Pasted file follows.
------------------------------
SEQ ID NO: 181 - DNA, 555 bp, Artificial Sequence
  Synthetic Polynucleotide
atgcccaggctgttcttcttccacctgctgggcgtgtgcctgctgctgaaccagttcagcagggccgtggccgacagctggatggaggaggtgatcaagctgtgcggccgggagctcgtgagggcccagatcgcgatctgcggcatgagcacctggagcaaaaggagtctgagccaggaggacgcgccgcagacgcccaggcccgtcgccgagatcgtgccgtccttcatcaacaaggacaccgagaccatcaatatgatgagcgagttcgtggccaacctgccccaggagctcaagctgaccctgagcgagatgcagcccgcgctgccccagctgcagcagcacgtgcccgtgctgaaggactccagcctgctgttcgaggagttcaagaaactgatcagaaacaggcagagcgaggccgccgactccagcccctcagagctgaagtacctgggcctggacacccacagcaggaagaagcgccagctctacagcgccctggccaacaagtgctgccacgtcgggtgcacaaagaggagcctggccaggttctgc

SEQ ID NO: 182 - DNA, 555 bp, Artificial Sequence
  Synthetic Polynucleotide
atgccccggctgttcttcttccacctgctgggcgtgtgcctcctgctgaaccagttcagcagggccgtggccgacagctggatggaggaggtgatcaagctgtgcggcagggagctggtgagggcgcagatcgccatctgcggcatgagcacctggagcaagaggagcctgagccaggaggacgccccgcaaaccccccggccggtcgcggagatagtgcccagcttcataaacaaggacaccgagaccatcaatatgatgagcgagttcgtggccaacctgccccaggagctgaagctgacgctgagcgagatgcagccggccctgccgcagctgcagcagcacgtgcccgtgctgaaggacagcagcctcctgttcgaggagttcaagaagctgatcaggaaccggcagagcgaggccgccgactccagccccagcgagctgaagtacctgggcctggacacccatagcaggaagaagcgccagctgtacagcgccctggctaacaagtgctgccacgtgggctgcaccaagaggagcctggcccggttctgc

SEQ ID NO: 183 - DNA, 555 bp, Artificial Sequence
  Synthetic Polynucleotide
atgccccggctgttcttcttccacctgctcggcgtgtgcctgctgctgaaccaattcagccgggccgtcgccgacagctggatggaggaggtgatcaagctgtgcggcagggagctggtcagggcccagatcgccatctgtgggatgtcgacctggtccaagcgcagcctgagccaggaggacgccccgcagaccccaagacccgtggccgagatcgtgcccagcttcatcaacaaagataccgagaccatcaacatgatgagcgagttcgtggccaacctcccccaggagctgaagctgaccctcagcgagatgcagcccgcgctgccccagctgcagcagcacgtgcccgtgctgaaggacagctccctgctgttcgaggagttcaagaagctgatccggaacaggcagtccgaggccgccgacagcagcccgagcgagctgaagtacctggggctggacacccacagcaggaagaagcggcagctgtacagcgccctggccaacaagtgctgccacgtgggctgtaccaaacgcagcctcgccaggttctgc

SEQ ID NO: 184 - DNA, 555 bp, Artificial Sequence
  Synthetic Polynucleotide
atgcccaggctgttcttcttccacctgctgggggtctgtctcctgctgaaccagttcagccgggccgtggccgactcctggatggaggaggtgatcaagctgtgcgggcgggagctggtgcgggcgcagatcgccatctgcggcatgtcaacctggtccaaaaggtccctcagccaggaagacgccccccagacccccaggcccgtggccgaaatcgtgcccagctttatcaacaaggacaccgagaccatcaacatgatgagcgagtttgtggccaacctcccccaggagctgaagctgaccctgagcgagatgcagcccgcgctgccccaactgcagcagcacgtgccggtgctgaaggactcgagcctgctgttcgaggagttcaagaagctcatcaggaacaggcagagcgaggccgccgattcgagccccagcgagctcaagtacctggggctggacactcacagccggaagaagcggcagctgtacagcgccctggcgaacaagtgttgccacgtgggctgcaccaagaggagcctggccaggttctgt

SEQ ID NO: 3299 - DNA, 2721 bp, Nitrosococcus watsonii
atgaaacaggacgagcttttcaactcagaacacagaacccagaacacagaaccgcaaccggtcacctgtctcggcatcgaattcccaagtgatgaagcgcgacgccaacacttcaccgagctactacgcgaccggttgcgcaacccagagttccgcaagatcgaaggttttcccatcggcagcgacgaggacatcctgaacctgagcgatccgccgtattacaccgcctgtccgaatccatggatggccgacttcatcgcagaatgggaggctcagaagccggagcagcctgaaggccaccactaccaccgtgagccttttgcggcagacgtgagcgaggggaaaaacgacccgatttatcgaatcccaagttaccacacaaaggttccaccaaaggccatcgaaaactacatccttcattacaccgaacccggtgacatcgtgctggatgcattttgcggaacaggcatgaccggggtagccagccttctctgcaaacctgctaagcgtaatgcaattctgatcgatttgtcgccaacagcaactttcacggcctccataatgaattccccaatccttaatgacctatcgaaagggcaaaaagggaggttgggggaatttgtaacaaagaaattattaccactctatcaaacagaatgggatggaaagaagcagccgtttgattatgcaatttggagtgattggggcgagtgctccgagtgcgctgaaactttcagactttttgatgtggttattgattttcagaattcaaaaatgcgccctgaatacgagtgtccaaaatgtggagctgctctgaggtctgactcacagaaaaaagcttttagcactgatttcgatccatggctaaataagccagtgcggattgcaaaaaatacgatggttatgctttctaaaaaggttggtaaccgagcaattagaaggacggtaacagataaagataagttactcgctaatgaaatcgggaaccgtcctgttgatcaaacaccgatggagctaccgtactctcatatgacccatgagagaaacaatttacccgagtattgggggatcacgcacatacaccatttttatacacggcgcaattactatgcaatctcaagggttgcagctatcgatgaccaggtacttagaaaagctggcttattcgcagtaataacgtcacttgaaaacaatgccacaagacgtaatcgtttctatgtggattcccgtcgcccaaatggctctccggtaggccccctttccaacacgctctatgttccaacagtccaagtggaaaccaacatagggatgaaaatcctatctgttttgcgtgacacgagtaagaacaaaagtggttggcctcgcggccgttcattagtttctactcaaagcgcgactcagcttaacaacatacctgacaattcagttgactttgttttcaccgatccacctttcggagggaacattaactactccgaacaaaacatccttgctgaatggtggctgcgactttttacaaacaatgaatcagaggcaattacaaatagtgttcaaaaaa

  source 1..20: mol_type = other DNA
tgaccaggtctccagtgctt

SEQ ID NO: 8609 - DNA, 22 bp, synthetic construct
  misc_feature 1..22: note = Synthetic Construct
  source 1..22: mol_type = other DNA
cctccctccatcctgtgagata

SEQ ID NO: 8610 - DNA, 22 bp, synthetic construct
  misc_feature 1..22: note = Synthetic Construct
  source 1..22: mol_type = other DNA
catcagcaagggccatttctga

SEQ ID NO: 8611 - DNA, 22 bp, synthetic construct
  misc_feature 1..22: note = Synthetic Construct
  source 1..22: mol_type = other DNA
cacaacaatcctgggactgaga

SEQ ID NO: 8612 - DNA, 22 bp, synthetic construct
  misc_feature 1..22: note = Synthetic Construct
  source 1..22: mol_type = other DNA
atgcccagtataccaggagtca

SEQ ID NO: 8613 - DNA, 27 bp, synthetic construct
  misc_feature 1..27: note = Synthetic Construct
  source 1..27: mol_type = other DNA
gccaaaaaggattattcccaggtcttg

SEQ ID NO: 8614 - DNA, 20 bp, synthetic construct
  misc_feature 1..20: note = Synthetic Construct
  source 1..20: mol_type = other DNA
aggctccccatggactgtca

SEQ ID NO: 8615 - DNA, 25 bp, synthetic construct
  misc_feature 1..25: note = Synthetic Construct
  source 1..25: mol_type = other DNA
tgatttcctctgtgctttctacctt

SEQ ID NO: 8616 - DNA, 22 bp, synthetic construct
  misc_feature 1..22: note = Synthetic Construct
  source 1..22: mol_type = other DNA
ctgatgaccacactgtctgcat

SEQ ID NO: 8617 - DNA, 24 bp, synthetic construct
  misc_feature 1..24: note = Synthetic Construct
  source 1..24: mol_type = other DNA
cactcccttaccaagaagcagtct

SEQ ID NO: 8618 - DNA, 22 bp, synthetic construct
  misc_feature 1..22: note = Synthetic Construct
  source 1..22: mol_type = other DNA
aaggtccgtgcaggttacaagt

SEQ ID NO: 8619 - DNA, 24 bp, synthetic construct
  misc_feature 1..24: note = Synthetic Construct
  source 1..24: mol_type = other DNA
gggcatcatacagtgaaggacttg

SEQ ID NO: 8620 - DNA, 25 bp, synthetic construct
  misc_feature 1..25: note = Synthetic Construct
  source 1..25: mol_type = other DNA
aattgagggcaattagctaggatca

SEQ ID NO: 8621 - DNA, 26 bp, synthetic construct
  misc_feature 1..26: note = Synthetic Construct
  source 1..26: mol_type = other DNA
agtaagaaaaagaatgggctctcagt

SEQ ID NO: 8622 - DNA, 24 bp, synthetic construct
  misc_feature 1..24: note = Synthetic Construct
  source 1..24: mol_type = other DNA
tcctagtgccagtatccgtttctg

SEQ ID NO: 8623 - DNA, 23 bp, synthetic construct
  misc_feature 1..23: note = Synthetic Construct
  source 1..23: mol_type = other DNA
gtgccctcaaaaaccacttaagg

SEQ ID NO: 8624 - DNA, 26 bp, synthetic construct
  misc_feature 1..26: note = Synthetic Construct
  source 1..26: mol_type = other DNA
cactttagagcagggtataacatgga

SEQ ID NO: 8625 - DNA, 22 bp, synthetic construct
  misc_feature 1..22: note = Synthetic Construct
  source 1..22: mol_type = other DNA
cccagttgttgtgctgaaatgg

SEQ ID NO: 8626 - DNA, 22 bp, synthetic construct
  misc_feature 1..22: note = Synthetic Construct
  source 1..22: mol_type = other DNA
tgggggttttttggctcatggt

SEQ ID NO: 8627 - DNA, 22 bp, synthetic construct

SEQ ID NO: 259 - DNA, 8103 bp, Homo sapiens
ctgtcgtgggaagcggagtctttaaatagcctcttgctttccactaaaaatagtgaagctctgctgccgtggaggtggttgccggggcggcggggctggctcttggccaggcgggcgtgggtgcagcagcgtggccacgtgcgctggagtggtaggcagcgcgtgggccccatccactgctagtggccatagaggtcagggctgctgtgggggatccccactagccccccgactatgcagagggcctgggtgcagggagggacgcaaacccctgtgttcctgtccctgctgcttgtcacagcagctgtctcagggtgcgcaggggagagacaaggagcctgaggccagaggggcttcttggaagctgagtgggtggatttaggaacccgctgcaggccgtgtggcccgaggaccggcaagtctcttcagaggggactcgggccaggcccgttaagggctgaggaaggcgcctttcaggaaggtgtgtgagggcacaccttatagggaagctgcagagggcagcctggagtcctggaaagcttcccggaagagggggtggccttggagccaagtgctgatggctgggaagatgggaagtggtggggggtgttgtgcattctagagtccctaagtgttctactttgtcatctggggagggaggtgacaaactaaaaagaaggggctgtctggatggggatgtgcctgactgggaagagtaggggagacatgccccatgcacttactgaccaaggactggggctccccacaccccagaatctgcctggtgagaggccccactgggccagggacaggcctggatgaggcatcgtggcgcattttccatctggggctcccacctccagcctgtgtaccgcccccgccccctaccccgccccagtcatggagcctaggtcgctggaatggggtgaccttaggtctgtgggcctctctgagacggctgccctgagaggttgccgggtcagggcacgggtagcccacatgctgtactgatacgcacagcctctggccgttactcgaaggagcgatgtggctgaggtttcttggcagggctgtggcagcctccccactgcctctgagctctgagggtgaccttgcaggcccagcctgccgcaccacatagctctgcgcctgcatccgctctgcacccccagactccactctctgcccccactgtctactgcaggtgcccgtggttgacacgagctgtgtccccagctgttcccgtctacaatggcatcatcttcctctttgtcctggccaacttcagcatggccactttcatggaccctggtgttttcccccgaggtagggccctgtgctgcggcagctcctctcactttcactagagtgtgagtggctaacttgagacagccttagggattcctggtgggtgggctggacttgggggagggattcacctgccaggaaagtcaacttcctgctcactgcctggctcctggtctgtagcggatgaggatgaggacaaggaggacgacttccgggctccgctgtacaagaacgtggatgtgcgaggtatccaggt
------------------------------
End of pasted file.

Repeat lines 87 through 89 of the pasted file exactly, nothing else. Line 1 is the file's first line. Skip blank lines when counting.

  source 1..22: mol_type = other DNA
tgggggttttttggctcatggt

SEQ ID NO: 8627 - DNA, 22 bp, synthetic construct